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There is a need for researchers in public heath to be dexterous in research methodology by moving beyond the limits of one’s discipline and gaining skills in a spectrum of approaches available and probably use a blend of methods so as to effectively conduct research (Daly, 1997). As such, I will be discussing Ethnography and Participatory Action research approaches relevant to multidisciplinary public health. I will examine their theoretical and epistemological basis and reflect on their strengths and weaknesses. Re... ... middle of paper ... ...h-related action research, British Medical Journal, 320: 178 - 181 20. Parkins, P. (2009) managing change in healthcare: using action research.
Second opinion: An introduction to health sociology (4th ed.). Victoria: Oxford university. Gustafson, D. L. (2005). Transcultural nursing theory from a critical cultural perspective. Advances in Nursing Science , 28 (1), 2-16.
Gender is what makes men and women different in the way that they behave. Gender is also what gives men and women their different identities within the society, which is usually seen as femininity or masculinity (Blunt and Wills, 2000). However, ‘sex’ can usually be mistaken for ‘gender’ and mostly be identified as men and women. What distinguishes ‘sex’ and ‘gender’ is that ‘sex’ is the biological anatomical identification of men and women, where as ‘gender’... ... middle of paper ... ...7) women and health in Robinson and Richardson, D (1997) introducing women`s studies, London: Macmillan Purdy, M and Banks, D (2001) The sociology and politics of health: A Reader, Routledge Press Annerdale, E and Hunt, K (2001) Gender inequalities and health, Buckingham open University Press Bury, M(2005) Gender, sex and health, Cambridge polity press Payne, S (2006) the health of men and women, Cambridge , Polity Doyal, L (2000) Gender equity in health; debates and dilemmas, social science and medicine 51;6 Bird, C.E and Rieker, P.P (2008) Gender and health : the effects of constrained choices and social policies, Cambridge University Press Giddens, A and Sutton, P.W (2010) 3th Ed, sociology, Cambridge polity press Walsh, M., Stephens, P and Moore, S (2005)Social Policy and Welfare, Cheltenham, Stanley Thrones Publishers Ltd
Finally the answer below will show how the media also portrays gender inequality and how it affects the people in society. Sex and gender are terms that are mixed up from day to day and seen as similarities rather than differences. Sex is what distinguishes people from being either male or female. It is the natural or biological variations between males and females (Browne, 1998). Some of these variations are genitals, body hair and internal and external organs.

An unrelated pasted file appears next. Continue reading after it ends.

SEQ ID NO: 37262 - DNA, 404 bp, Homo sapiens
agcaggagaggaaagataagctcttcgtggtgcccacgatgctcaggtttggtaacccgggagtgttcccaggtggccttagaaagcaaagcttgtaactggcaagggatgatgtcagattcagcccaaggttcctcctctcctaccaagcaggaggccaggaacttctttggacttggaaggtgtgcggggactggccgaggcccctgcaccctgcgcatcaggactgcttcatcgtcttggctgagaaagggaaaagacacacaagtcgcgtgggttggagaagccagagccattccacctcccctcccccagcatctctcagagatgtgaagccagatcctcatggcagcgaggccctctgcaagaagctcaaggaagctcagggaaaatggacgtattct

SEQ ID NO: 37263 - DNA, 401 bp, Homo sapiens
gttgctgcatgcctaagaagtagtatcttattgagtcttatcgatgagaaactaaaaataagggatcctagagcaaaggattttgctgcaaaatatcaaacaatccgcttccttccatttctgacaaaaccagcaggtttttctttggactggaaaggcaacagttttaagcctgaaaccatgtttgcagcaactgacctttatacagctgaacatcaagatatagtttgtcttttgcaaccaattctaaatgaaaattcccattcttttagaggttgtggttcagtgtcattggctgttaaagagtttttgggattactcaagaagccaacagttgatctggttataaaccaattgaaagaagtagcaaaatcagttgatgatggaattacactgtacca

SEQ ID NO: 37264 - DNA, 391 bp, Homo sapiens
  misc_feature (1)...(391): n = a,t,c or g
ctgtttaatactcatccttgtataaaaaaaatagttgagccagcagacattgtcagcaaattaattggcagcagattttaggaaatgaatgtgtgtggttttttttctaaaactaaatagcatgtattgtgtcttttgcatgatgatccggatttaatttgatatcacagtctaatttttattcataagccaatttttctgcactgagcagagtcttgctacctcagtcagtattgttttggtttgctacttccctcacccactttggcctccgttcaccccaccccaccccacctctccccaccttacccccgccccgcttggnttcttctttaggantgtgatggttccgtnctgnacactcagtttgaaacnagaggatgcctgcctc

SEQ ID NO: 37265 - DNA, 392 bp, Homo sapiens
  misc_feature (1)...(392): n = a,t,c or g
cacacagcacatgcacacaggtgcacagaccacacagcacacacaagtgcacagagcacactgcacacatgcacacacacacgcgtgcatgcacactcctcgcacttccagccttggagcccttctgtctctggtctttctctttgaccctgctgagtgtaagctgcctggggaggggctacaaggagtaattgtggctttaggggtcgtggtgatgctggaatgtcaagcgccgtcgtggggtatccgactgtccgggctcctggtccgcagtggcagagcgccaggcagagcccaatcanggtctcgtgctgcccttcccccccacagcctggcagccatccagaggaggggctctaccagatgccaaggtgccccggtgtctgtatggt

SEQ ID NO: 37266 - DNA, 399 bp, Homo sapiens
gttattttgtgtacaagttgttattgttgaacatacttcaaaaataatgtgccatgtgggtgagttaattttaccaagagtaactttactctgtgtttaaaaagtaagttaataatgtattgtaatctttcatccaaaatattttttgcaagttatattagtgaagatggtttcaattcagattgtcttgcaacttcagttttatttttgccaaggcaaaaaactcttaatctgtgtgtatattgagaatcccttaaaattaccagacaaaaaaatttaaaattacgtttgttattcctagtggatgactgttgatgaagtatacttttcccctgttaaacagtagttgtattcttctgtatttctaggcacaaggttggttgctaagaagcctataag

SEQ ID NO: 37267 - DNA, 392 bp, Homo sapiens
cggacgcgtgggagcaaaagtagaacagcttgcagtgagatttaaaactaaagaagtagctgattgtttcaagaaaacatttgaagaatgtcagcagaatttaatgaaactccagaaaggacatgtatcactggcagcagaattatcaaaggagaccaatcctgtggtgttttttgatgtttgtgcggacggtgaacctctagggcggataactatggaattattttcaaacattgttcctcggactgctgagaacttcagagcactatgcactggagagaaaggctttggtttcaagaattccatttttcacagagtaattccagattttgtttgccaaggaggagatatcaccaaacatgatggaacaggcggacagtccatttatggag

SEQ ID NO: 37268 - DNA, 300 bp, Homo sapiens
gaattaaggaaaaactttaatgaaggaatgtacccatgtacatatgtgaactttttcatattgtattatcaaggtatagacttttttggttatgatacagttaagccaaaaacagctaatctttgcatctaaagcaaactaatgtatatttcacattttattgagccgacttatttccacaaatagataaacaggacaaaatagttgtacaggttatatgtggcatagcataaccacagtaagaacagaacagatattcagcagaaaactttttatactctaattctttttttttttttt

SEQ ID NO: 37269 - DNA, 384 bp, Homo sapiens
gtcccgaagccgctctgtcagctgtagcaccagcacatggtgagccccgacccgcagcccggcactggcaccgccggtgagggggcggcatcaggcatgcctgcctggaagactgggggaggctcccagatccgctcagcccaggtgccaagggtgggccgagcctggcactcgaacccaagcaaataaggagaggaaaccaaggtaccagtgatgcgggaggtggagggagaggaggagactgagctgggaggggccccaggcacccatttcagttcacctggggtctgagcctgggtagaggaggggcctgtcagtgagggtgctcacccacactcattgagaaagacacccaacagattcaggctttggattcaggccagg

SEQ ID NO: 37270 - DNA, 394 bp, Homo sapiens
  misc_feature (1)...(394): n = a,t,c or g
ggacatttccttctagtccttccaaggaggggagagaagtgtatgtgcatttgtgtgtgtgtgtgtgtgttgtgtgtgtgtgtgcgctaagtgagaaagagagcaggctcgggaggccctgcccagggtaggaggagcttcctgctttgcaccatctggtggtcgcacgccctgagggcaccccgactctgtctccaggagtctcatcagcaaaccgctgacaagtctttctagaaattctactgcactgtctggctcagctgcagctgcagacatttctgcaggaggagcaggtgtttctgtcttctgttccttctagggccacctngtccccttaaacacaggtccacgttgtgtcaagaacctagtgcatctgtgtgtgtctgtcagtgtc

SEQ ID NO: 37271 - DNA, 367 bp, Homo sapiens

The purpose of this essay is to firstly give an overview of the existence of inequalities of health related to ethnicity, by providing some evidence that ethnic inequality in health is a reality in the society and include definitions of keywords. Secondly, I will bring forward arguments for and against on the major sociological explanations (racial discrimination, arefact, access to and quality of care) for the existence of health inequalities related to ethnicity. Thirdly, I would also like to take the knowledge learnt for this topic and brief outline how this may help me in future nursing practice. First of all, it is important to consider the whole aspect of ethnicity as it has other elements such as race and culture which goes along side this concept. Barry and Yuill (2008, p128) both state that ethnicity is “a common cultural heritage that is sociology learned and constructed”.
Young Males, Modern Society, and Drug Use To understand the use of drugs by young men and to review the literature in a coherent framework it is necessary to begin with an understanding of the term 'gender'. Gender is said to mean more than just male or female. Rather it is a description of the traits and attributes which society ascribes to each sex. Gender is distinguished from sex in that sex refers to biology, whereas gender refers to the cultural meanings and social constructs that are superimposed on the biological differences between the sexes. That is, gender is socially constructed.
Oakley, A. From Walking Wombs to Test Tube Babies. In: STANWORTH, M. (ed) (1987) Reproductive Technologies: Gender, Motherhood and Medicine. Polity Sailly (1980) cited in Cunningham-Burley S. & McKegany, N. P. (eds) (1990) Readings in Medical Sociology. Scambler, G. (1991) Sociology As Applied To Medicine (3rd ed.)